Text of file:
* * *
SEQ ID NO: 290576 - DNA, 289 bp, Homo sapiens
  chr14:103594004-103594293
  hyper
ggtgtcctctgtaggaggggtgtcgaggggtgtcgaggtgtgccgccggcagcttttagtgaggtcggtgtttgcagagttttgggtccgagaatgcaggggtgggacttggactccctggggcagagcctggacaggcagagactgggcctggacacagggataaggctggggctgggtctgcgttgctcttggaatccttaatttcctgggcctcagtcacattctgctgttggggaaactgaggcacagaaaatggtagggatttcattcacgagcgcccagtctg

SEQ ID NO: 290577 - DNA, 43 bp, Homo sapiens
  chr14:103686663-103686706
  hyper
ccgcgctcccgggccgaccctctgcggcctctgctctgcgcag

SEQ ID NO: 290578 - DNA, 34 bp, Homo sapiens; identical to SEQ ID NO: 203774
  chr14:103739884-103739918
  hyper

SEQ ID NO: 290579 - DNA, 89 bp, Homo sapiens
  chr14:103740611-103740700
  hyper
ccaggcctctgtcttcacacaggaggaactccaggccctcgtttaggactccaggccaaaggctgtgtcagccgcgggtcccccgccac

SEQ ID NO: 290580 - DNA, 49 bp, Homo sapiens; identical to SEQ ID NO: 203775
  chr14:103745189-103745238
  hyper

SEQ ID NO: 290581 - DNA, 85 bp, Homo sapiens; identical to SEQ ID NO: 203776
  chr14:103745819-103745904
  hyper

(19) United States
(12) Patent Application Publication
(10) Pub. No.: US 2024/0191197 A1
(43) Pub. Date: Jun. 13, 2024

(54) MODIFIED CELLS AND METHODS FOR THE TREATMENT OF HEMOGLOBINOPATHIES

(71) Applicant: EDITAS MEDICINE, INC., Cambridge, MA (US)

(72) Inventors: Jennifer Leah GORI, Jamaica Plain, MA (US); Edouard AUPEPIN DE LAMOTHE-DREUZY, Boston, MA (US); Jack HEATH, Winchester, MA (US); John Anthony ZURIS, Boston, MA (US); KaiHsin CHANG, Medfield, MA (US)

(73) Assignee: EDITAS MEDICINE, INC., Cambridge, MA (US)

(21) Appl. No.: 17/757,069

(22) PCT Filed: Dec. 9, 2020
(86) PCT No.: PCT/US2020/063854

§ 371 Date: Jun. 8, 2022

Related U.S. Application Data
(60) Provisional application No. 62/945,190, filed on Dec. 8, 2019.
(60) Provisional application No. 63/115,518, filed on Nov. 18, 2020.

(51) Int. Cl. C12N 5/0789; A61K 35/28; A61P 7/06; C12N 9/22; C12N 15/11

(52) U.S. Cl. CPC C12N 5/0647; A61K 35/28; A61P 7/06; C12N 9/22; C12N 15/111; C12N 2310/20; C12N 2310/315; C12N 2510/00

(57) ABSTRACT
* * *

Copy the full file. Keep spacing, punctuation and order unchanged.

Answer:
SEQ ID NO: 290576 - DNA, 289 bp, Homo sapiens
  chr14:103594004-103594293
  hyper
ggtgtcctctgtaggaggggtgtcgaggggtgtcgaggtgtgccgccggcagcttttagtgaggtcggtgtttgcagagttttgggtccgagaatgcaggggtgggacttggactccctggggcagagcctggacaggcagagactgggcctggacacagggataaggctggggctgggtctgcgttgctcttggaatccttaatttcctgggcctcagtcacattctgctgttggggaaactgaggcacagaaaatggtagggatttcattcacgagcgcccagtctg

SEQ ID NO: 290577 - DNA, 43 bp, Homo sapiens
  chr14:103686663-103686706
  hyper
ccgcgctcccgggccgaccctctgcggcctctgctctgcgcag

SEQ ID NO: 290578 - DNA, 34 bp, Homo sapiens; identical to SEQ ID NO: 203774
  chr14:103739884-103739918
  hyper

SEQ ID NO: 290579 - DNA, 89 bp, Homo sapiens
  chr14:103740611-103740700
  hyper
ccaggcctctgtcttcacacaggaggaactccaggccctcgtttaggactccaggccaaaggctgtgtcagccgcgggtcccccgccac

SEQ ID NO: 290580 - DNA, 49 bp, Homo sapiens; identical to SEQ ID NO: 203775
  chr14:103745189-103745238
  hyper

SEQ ID NO: 290581 - DNA, 85 bp, Homo sapiens; identical to SEQ ID NO: 203776
  chr14:103745819-103745904
  hyper

(19) United States
(12) Patent Application Publication
(10) Pub. No.: US 2024/0191197 A1
(43) Pub. Date: Jun. 13, 2024

(54) MODIFIED CELLS AND METHODS FOR THE TREATMENT OF HEMOGLOBINOPATHIES

(71) Applicant: EDITAS MEDICINE, INC., Cambridge, MA (US)

(72) Inventors: Jennifer Leah GORI, Jamaica Plain, MA (US); Edouard AUPEPIN DE LAMOTHE-DREUZY, Boston, MA (US); Jack HEATH, Winchester, MA (US); John Anthony ZURIS, Boston, MA (US); KaiHsin CHANG, Medfield, MA (US)

(73) Assignee: EDITAS MEDICINE, INC., Cambridge, MA (US)

(21) Appl. No.: 17/757,069

(22) PCT Filed: Dec. 9, 2020
(86) PCT No.: PCT/US2020/063854

§ 371 Date: Jun. 8, 2022

Related U.S. Application Data
(60) Provisional application No. 62/945,190, filed on Dec. 8, 2019.
(60) Provisional application No. 63/115,518, filed on Nov. 18, 2020.

(51) Int. Cl. C12N 5/0789; A61K 35/28; A61P 7/06; C12N 9/22; C12N 15/11

(52) U.S. Cl. CPC C12N 5/0647; A61K 35/28; A61P 7/06; C12N 9/22; C12N 15/111; C12N 2310/20; C12N 2310/315; C12N 2510/00

(57) ABSTRACT